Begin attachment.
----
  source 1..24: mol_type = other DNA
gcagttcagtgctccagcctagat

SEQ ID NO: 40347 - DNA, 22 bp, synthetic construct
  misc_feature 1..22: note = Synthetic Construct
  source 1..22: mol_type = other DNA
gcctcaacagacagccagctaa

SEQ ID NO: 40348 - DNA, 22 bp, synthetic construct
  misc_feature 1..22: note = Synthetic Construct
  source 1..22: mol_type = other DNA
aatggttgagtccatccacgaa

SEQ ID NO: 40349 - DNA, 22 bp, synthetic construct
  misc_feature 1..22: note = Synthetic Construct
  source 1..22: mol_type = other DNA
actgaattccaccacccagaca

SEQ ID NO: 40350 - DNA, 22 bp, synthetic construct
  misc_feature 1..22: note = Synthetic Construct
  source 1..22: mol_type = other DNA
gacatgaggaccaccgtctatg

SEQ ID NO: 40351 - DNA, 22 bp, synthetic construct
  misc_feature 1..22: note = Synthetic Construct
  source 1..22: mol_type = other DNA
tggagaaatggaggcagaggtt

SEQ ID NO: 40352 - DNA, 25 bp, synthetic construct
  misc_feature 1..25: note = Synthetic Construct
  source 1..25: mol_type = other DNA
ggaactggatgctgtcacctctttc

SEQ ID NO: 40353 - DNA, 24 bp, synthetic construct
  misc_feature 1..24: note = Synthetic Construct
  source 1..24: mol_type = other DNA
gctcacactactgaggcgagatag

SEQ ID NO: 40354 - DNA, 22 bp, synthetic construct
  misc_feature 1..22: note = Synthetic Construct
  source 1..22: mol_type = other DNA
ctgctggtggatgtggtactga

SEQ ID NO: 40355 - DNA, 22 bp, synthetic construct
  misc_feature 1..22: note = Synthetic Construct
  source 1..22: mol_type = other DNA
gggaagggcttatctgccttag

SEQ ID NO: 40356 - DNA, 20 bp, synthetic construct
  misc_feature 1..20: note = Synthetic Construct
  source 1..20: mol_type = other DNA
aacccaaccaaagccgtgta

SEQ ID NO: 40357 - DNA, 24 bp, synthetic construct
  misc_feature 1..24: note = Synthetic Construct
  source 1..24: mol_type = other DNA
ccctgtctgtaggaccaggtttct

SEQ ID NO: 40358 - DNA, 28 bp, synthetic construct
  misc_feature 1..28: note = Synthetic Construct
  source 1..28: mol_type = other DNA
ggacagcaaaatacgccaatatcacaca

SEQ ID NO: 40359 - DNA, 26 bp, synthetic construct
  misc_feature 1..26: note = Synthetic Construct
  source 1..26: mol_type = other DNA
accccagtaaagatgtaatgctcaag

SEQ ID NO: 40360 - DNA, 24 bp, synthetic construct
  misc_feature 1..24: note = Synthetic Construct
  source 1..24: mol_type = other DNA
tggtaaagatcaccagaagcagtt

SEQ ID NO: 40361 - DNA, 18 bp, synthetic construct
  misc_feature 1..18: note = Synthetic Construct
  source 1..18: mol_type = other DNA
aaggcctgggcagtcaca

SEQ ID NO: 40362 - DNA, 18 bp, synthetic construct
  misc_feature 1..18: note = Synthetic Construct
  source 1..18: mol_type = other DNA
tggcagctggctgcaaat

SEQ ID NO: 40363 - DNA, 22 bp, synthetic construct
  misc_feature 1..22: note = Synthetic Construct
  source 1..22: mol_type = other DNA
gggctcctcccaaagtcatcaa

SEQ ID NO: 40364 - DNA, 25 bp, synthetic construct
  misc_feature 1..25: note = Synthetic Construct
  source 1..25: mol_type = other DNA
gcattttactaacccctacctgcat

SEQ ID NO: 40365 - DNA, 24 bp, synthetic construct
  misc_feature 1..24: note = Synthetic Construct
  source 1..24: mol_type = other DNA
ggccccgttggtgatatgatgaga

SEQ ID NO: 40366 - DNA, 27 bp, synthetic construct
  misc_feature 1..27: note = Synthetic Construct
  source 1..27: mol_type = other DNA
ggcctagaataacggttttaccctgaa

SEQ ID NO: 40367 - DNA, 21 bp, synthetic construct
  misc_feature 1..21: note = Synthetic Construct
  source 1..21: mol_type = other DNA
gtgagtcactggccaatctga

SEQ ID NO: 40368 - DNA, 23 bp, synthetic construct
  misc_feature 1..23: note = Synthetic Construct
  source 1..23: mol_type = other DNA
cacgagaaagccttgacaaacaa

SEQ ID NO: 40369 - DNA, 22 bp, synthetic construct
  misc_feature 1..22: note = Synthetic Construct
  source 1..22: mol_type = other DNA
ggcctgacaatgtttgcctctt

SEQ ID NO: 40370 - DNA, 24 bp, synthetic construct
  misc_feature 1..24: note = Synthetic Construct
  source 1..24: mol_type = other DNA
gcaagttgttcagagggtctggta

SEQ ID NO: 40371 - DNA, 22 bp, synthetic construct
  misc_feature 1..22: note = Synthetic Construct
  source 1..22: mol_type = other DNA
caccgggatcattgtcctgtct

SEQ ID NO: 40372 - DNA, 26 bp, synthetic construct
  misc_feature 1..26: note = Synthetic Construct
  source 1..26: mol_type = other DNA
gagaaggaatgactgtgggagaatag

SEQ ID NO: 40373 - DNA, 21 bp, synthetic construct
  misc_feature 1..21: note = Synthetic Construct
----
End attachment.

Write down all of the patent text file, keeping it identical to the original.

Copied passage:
  source 1..24: mol_type = other DNA
gcagttcagtgctccagcctagat

SEQ ID NO: 40347 - DNA, 22 bp, synthetic construct
  misc_feature 1..22: note = Synthetic Construct
  source 1..22: mol_type = other DNA
gcctcaacagacagccagctaa

SEQ ID NO: 40348 - DNA, 22 bp, synthetic construct
  misc_feature 1..22: note = Synthetic Construct
  source 1..22: mol_type = other DNA
aatggttgagtccatccacgaa

SEQ ID NO: 40349 - DNA, 22 bp, synthetic construct
  misc_feature 1..22: note = Synthetic Construct
  source 1..22: mol_type = other DNA
actgaattccaccacccagaca

SEQ ID NO: 40350 - DNA, 22 bp, synthetic construct
  misc_feature 1..22: note = Synthetic Construct
  source 1..22: mol_type = other DNA
gacatgaggaccaccgtctatg

SEQ ID NO: 40351 - DNA, 22 bp, synthetic construct
  misc_feature 1..22: note = Synthetic Construct
  source 1..22: mol_type = other DNA
tggagaaatggaggcagaggtt

SEQ ID NO: 40352 - DNA, 25 bp, synthetic construct
  misc_feature 1..25: note = Synthetic Construct
  source 1..25: mol_type = other DNA
ggaactggatgctgtcacctctttc

SEQ ID NO: 40353 - DNA, 24 bp, synthetic construct
  misc_feature 1..24: note = Synthetic Construct
  source 1..24: mol_type = other DNA
gctcacactactgaggcgagatag

SEQ ID NO: 40354 - DNA, 22 bp, synthetic construct
  misc_feature 1..22: note = Synthetic Construct
  source 1..22: mol_type = other DNA
ctgctggtggatgtggtactga

SEQ ID NO: 40355 - DNA, 22 bp, synthetic construct
  misc_feature 1..22: note = Synthetic Construct
  source 1..22: mol_type = other DNA
gggaagggcttatctgccttag

SEQ ID NO: 40356 - DNA, 20 bp, synthetic construct
  misc_feature 1..20: note = Synthetic Construct
  source 1..20: mol_type = other DNA
aacccaaccaaagccgtgta

SEQ ID NO: 40357 - DNA, 24 bp, synthetic construct
  misc_feature 1..24: note = Synthetic Construct
  source 1..24: mol_type = other DNA
ccctgtctgtaggaccaggtttct

SEQ ID NO: 40358 - DNA, 28 bp, synthetic construct
  misc_feature 1..28: note = Synthetic Construct
  source 1..28: mol_type = other DNA
ggacagcaaaatacgccaatatcacaca

SEQ ID NO: 40359 - DNA, 26 bp, synthetic construct
  misc_feature 1..26: note = Synthetic Construct
  source 1..26: mol_type = other DNA
accccagtaaagatgtaatgctcaag

SEQ ID NO: 40360 - DNA, 24 bp, synthetic construct
  misc_feature 1..24: note = Synthetic Construct
  source 1..24: mol_type = other DNA
tggtaaagatcaccagaagcagtt

SEQ ID NO: 40361 - DNA, 18 bp, synthetic construct
  misc_feature 1..18: note = Synthetic Construct
  source 1..18: mol_type = other DNA
aaggcctgggcagtcaca

SEQ ID NO: 40362 - DNA, 18 bp, synthetic construct
  misc_feature 1..18: note = Synthetic Construct
  source 1..18: mol_type = other DNA
tggcagctggctgcaaat

SEQ ID NO: 40363 - DNA, 22 bp, synthetic construct
  misc_feature 1..22: note = Synthetic Construct
  source 1..22: mol_type = other DNA
gggctcctcccaaagtcatcaa

SEQ ID NO: 40364 - DNA, 25 bp, synthetic construct
  misc_feature 1..25: note = Synthetic Construct
  source 1..25: mol_type = other DNA
gcattttactaacccctacctgcat

SEQ ID NO: 40365 - DNA, 24 bp, synthetic construct
  misc_feature 1..24: note = Synthetic Construct
  source 1..24: mol_type = other DNA
ggccccgttggtgatatgatgaga

SEQ ID NO: 40366 - DNA, 27 bp, synthetic construct
  misc_feature 1..27: note = Synthetic Construct
  source 1..27: mol_type = other DNA
ggcctagaataacggttttaccctgaa

SEQ ID NO: 40367 - DNA, 21 bp, synthetic construct
  misc_feature 1..21: note = Synthetic Construct
  source 1..21: mol_type = other DNA
gtgagtcactggccaatctga

SEQ ID NO: 40368 - DNA, 23 bp, synthetic construct
  misc_feature 1..23: note = Synthetic Construct
  source 1..23: mol_type = other DNA
cacgagaaagccttgacaaacaa

SEQ ID NO: 40369 - DNA, 22 bp, synthetic construct
  misc_feature 1..22: note = Synthetic Construct
  source 1..22: mol_type = other DNA
ggcctgacaatgtttgcctctt

SEQ ID NO: 40370 - DNA, 24 bp, synthetic construct
  misc_feature 1..24: note = Synthetic Construct
  source 1..24: mol_type = other DNA
gcaagttgttcagagggtctggta

SEQ ID NO: 40371 - DNA, 22 bp, synthetic construct
  misc_feature 1..22: note = Synthetic Construct
  source 1..22: mol_type = other DNA
caccgggatcattgtcctgtct

SEQ ID NO: 40372 - DNA, 26 bp, synthetic construct
  misc_feature 1..26: note = Synthetic Construct
  source 1..26: mol_type = other DNA
gagaaggaatgactgtgggagaatag

SEQ ID NO: 40373 - DNA, 21 bp, synthetic construct
  misc_feature 1..21: note = Synthetic Construct